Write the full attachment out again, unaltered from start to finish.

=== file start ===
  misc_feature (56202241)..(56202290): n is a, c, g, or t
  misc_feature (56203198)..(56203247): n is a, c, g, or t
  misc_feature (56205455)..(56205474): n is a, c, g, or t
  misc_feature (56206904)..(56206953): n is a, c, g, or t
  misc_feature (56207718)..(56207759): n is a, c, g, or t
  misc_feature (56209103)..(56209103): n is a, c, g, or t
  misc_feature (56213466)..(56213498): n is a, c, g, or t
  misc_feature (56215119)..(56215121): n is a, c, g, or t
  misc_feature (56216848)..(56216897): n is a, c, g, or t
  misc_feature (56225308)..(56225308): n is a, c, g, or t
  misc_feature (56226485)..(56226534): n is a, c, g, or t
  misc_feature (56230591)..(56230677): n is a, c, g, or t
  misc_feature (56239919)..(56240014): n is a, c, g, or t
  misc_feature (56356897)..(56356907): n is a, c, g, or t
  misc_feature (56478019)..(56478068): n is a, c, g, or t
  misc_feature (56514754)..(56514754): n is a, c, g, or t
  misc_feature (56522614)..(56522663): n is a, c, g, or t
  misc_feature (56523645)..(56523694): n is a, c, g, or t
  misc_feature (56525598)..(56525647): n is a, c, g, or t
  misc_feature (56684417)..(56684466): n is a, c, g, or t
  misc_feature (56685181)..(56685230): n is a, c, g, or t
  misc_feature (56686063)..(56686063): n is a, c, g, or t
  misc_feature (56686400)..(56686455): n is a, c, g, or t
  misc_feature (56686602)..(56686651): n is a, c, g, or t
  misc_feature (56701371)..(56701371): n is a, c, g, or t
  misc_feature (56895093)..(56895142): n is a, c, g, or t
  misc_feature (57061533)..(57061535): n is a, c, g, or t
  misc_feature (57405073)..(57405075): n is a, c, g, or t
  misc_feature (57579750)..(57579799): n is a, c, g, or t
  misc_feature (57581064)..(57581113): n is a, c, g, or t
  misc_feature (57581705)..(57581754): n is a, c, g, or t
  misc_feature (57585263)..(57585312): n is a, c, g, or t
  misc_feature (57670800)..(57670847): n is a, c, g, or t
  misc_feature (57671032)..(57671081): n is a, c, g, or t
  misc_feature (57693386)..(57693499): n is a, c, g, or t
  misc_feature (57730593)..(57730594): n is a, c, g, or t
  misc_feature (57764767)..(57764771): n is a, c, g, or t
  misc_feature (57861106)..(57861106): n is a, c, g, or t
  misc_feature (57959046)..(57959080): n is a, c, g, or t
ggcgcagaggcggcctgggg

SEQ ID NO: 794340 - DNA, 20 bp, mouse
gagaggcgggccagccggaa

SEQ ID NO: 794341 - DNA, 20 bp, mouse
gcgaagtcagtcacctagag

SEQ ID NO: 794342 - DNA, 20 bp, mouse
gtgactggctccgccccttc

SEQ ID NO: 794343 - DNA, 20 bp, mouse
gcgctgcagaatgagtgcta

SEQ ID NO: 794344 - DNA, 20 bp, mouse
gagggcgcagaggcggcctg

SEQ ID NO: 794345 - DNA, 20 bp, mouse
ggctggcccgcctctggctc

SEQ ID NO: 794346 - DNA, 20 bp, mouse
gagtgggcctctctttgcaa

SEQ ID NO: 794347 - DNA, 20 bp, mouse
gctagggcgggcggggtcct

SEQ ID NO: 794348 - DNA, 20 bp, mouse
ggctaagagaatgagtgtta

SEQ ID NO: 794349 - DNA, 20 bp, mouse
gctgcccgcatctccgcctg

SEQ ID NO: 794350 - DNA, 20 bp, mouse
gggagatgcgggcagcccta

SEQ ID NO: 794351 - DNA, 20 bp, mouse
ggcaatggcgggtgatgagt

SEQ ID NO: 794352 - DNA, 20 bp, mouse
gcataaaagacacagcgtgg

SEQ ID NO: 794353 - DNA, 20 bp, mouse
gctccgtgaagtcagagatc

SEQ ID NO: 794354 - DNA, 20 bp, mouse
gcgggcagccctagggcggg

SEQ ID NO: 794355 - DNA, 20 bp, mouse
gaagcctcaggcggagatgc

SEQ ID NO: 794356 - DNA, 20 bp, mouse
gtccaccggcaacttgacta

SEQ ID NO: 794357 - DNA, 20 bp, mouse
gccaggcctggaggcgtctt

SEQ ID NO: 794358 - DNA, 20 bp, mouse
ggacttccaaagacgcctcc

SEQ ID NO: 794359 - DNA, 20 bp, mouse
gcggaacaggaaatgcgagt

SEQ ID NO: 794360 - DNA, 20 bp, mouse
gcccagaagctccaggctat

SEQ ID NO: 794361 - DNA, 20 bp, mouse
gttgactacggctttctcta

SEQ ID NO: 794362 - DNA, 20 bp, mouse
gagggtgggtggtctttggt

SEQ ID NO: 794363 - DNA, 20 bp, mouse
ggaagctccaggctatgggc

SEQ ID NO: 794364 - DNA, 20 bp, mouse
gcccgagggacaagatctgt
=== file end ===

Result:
  misc_feature (56202241)..(56202290): n is a, c, g, or t
  misc_feature (56203198)..(56203247): n is a, c, g, or t
  misc_feature (56205455)..(56205474): n is a, c, g, or t
  misc_feature (56206904)..(56206953): n is a, c, g, or t
  misc_feature (56207718)..(56207759): n is a, c, g, or t
  misc_feature (56209103)..(56209103): n is a, c, g, or t
  misc_feature (56213466)..(56213498): n is a, c, g, or t
  misc_feature (56215119)..(56215121): n is a, c, g, or t
  misc_feature (56216848)..(56216897): n is a, c, g, or t
  misc_feature (56225308)..(56225308): n is a, c, g, or t
  misc_feature (56226485)..(56226534): n is a, c, g, or t
  misc_feature (56230591)..(56230677): n is a, c, g, or t
  misc_feature (56239919)..(56240014): n is a, c, g, or t
  misc_feature (56356897)..(56356907): n is a, c, g, or t
  misc_feature (56478019)..(56478068): n is a, c, g, or t
  misc_feature (56514754)..(56514754): n is a, c, g, or t
  misc_feature (56522614)..(56522663): n is a, c, g, or t
  misc_feature (56523645)..(56523694): n is a, c, g, or t
  misc_feature (56525598)..(56525647): n is a, c, g, or t
  misc_feature (56684417)..(56684466): n is a, c, g, or t
  misc_feature (56685181)..(56685230): n is a, c, g, or t
  misc_feature (56686063)..(56686063): n is a, c, g, or t
  misc_feature (56686400)..(56686455): n is a, c, g, or t
  misc_feature (56686602)..(56686651): n is a, c, g, or t
  misc_feature (56701371)..(56701371): n is a, c, g, or t
  misc_feature (56895093)..(56895142): n is a, c, g, or t
  misc_feature (57061533)..(57061535): n is a, c, g, or t
  misc_feature (57405073)..(57405075): n is a, c, g, or t
  misc_feature (57579750)..(57579799): n is a, c, g, or t
  misc_feature (57581064)..(57581113): n is a, c, g, or t
  misc_feature (57581705)..(57581754): n is a, c, g, or t
  misc_feature (57585263)..(57585312): n is a, c, g, or t
  misc_feature (57670800)..(57670847): n is a, c, g, or t
  misc_feature (57671032)..(57671081): n is a, c, g, or t
  misc_feature (57693386)..(57693499): n is a, c, g, or t
  misc_feature (57730593)..(57730594): n is a, c, g, or t
  misc_feature (57764767)..(57764771): n is a, c, g, or t
  misc_feature (57861106)..(57861106): n is a, c, g, or t
  misc_feature (57959046)..(57959080): n is a, c, g, or t
ggcgcagaggcggcctgggg

SEQ ID NO: 794340 - DNA, 20 bp, mouse
gagaggcgggccagccggaa

SEQ ID NO: 794341 - DNA, 20 bp, mouse
gcgaagtcagtcacctagag

SEQ ID NO: 794342 - DNA, 20 bp, mouse
gtgactggctccgccccttc

SEQ ID NO: 794343 - DNA, 20 bp, mouse
gcgctgcagaatgagtgcta

SEQ ID NO: 794344 - DNA, 20 bp, mouse
gagggcgcagaggcggcctg

SEQ ID NO: 794345 - DNA, 20 bp, mouse
ggctggcccgcctctggctc

SEQ ID NO: 794346 - DNA, 20 bp, mouse
gagtgggcctctctttgcaa

SEQ ID NO: 794347 - DNA, 20 bp, mouse
gctagggcgggcggggtcct

SEQ ID NO: 794348 - DNA, 20 bp, mouse
ggctaagagaatgagtgtta

SEQ ID NO: 794349 - DNA, 20 bp, mouse
gctgcccgcatctccgcctg

SEQ ID NO: 794350 - DNA, 20 bp, mouse
gggagatgcgggcagcccta

SEQ ID NO: 794351 - DNA, 20 bp, mouse
ggcaatggcgggtgatgagt

SEQ ID NO: 794352 - DNA, 20 bp, mouse
gcataaaagacacagcgtgg

SEQ ID NO: 794353 - DNA, 20 bp, mouse
gctccgtgaagtcagagatc

SEQ ID NO: 794354 - DNA, 20 bp, mouse
gcgggcagccctagggcggg

SEQ ID NO: 794355 - DNA, 20 bp, mouse
gaagcctcaggcggagatgc

SEQ ID NO: 794356 - DNA, 20 bp, mouse
gtccaccggcaacttgacta

SEQ ID NO: 794357 - DNA, 20 bp, mouse
gccaggcctggaggcgtctt

SEQ ID NO: 794358 - DNA, 20 bp, mouse
ggacttccaaagacgcctcc

SEQ ID NO: 794359 - DNA, 20 bp, mouse
gcggaacaggaaatgcgagt

SEQ ID NO: 794360 - DNA, 20 bp, mouse
gcccagaagctccaggctat

SEQ ID NO: 794361 - DNA, 20 bp, mouse
gttgactacggctttctcta

SEQ ID NO: 794362 - DNA, 20 bp, mouse
gagggtgggtggtctttggt

SEQ ID NO: 794363 - DNA, 20 bp, mouse
ggaagctccaggctatgggc

SEQ ID NO: 794364 - DNA, 20 bp, mouse
gcccgagggacaagatctgt